Building Innovative Cities of the Future
Written by 13 September 2016on
Summary of keynote speech by Brian Kilkelly at MIPIM Japan, September 8, 2016, Osaka, Japan
Cities that are ‘smart’ focus on integrating their transport systems, infrastructure investments, making the most of technology and data advances, and exploiting the latest energy resources. But are these the cities of the future or is innovation the key to future success?
Cities face many global and local challenges. Successful cities of the future will be those that embrace and stimulate a culture of sharing and innovation. Increasingly city leaders are working together to share ideas on the future of city development.
In addition to cities competing for talent, investment, and resources they are all facing the effects of the biggest challenge of all – climate change. I was recently struck by a presentation from Professor Hans Joachim Schellnhuber CBE, Director, Potsdam Institute of Climate Impact Research when he used this picture and data on our consumption of the global ‘carbon budget’ to illustrate powerfully the speed of change upon us. The message was clear, we need a radical and swift transition to a low carbon economy in the next 5-10 years followed by a further shift to zero carbon. Otherwise we face unknown risks and the potential catastrophic loses.
Property and infrastructure is already at risk. Investors are alert to these issues. I referred to the Grosvenor report previously presented at our Tomorrows City Infrastructure Forum on how city adaptability is being assessed by investors keen to secure assets in the most resilient of cities. Good for Toronto but not so good for Dakar it would seem. Technology and design can certainly help us in mitigating and adapting to climate change. I presented a couple a whole new way of looking at train networks courtesy of PriestGoodman [moving platforms] and one of my favourite innovations supported by Climate-KIC, the Volvocopter
But recent experience at Climate-KIC has convinced me that where we need to put more effort is in the silo busting integration of solutions. Cross sector and discipline working groups, powered by insights from big data, can help us deliver much greater efficiencies from our existing assets and in new developments. I shared my experience of the Smart Sustainable District project running at the Queen Elizabeth Olympic Park where councils, the London Legacy Development Corporation, ENGI, Imperial College London, and TU Munich are doing exactly this to deliver energy savings and efficiencies across the Park. It took some 12 months to get everyone aligned around the table but now there are significant gains being made. Watch more here.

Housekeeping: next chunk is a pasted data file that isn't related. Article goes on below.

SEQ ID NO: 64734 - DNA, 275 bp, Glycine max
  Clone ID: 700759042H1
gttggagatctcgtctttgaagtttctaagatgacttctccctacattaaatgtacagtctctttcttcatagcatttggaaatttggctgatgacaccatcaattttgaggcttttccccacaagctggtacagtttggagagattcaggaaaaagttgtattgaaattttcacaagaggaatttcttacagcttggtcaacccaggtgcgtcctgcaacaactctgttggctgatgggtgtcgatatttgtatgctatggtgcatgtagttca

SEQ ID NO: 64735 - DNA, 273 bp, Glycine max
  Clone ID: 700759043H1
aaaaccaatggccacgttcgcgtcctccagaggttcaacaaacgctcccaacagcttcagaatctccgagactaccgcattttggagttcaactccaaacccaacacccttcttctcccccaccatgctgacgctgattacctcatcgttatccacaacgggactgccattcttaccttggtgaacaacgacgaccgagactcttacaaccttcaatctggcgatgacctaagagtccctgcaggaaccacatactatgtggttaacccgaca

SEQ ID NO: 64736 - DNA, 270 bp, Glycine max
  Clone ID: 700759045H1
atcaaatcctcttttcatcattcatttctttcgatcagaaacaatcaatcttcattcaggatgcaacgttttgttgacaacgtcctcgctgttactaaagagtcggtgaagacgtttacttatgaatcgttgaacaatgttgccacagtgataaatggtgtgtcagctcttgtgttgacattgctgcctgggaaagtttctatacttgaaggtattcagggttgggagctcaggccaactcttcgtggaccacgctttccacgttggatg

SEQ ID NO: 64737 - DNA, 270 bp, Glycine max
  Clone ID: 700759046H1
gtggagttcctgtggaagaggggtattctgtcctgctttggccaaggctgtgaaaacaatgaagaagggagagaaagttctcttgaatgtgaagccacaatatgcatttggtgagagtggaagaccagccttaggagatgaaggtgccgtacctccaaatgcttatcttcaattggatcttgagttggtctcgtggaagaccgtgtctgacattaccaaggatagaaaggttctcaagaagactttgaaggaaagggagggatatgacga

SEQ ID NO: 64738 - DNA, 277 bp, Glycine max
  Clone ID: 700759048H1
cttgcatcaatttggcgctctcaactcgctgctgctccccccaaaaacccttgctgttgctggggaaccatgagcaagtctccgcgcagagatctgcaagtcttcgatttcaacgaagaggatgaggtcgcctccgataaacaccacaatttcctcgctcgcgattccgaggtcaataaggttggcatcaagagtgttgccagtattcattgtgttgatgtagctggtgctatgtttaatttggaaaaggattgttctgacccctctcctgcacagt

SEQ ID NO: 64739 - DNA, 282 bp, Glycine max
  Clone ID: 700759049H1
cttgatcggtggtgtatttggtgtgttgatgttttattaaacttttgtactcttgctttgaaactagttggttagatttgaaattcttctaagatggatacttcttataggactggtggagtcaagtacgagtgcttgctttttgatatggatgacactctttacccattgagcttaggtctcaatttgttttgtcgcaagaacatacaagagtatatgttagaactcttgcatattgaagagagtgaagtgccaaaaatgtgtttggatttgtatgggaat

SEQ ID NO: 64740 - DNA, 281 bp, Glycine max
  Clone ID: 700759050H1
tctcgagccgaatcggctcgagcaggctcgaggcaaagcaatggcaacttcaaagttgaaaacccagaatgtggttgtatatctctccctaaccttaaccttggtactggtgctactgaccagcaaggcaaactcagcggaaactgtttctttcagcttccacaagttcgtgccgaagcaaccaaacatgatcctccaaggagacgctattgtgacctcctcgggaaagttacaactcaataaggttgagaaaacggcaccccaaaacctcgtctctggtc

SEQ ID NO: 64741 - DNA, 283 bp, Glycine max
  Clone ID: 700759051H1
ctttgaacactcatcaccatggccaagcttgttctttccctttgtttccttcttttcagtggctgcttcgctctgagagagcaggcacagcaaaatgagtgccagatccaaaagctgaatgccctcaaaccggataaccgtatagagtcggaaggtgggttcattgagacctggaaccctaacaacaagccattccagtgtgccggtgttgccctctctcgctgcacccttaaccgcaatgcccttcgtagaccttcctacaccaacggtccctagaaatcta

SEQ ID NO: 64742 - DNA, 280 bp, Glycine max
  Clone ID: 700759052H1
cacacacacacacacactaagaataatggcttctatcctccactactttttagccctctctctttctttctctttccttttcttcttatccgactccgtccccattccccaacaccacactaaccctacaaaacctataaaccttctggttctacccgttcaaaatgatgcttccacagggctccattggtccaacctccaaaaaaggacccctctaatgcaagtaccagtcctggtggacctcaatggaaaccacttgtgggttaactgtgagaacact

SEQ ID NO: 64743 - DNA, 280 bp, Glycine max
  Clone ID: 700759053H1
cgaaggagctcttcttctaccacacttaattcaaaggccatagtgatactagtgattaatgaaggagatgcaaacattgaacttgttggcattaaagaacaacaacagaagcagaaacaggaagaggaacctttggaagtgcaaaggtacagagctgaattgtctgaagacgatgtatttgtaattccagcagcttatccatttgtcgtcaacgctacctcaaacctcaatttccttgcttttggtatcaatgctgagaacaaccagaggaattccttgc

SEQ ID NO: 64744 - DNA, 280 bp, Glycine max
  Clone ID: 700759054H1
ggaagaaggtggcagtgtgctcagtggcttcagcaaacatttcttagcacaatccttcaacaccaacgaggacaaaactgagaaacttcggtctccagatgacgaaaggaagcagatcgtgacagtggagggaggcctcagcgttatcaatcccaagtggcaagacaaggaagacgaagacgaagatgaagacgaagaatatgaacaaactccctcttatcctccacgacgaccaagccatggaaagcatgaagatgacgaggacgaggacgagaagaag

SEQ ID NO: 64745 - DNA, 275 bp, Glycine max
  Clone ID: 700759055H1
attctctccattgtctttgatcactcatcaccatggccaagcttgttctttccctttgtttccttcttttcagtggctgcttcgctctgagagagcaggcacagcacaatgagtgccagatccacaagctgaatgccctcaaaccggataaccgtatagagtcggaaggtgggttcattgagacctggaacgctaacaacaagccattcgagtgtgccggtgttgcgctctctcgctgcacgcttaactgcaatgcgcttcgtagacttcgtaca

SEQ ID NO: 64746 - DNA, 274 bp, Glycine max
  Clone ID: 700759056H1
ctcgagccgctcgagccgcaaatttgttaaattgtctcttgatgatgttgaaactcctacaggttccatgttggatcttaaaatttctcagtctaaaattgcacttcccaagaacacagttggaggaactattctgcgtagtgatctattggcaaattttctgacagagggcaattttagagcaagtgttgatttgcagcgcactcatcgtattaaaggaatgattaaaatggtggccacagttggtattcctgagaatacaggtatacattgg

Cities that will succeed, are those that innovate in the areas of administrative structures in addition to infrastructure and services, build new alliances, and imbed collaboration and innovation as core values into their culture. This of course provokes the need for new skills and competencies.
Next gathering of leaders to discuss and develop these ideas will be in Frankfurt, November 8 during the Climate-KIC Climate Innovation Summit followed the next day by the second in the series of Urban Transitions workshops where projects and consortia will be formed.
Join us and join in the journey to the great urban transition!